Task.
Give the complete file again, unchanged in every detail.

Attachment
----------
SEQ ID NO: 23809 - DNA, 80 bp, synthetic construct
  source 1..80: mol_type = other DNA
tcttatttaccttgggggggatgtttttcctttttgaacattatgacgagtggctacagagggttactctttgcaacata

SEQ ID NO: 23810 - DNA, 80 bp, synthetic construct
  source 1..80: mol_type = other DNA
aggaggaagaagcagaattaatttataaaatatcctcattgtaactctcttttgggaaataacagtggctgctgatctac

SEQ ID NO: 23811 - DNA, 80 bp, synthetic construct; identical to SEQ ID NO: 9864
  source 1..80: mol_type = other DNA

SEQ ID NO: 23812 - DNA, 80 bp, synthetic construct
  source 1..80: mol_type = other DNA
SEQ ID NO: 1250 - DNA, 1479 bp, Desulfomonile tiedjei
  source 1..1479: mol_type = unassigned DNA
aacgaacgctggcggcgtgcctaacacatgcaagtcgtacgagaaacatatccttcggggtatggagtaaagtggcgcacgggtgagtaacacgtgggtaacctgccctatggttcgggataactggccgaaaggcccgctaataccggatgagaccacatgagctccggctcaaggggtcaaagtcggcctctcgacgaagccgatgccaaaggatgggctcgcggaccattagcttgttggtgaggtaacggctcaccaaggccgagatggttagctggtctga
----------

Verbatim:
SEQ ID NO: 23809 - DNA, 80 bp, synthetic construct
  source 1..80: mol_type = other DNA
tcttatttaccttgggggggatgtttttcctttttgaacattatgacgagtggctacagagggttactctttgcaacata

SEQ ID NO: 23810 - DNA, 80 bp, synthetic construct
  source 1..80: mol_type = other DNA
aggaggaagaagcagaattaatttataaaatatcctcattgtaactctcttttgggaaataacagtggctgctgatctac

SEQ ID NO: 23811 - DNA, 80 bp, synthetic construct; identical to SEQ ID NO: 9864
  source 1..80: mol_type = other DNA

SEQ ID NO: 23812 - DNA, 80 bp, synthetic construct
  source 1..80: mol_type = other DNA
SEQ ID NO: 1250 - DNA, 1479 bp, Desulfomonile tiedjei
  source 1..1479: mol_type = unassigned DNA
aacgaacgctggcggcgtgcctaacacatgcaagtcgtacgagaaacatatccttcggggtatggagtaaagtggcgcacgggtgagtaacacgtgggtaacctgccctatggttcgggataactggccgaaaggcccgctaataccggatgagaccacatgagctccggctcaaggggtcaaagtcggcctctcgacgaagccgatgccaaaggatgggctcgcggaccattagcttgttggtgaggtaacggctcaccaaggccgagatggttagctggtctga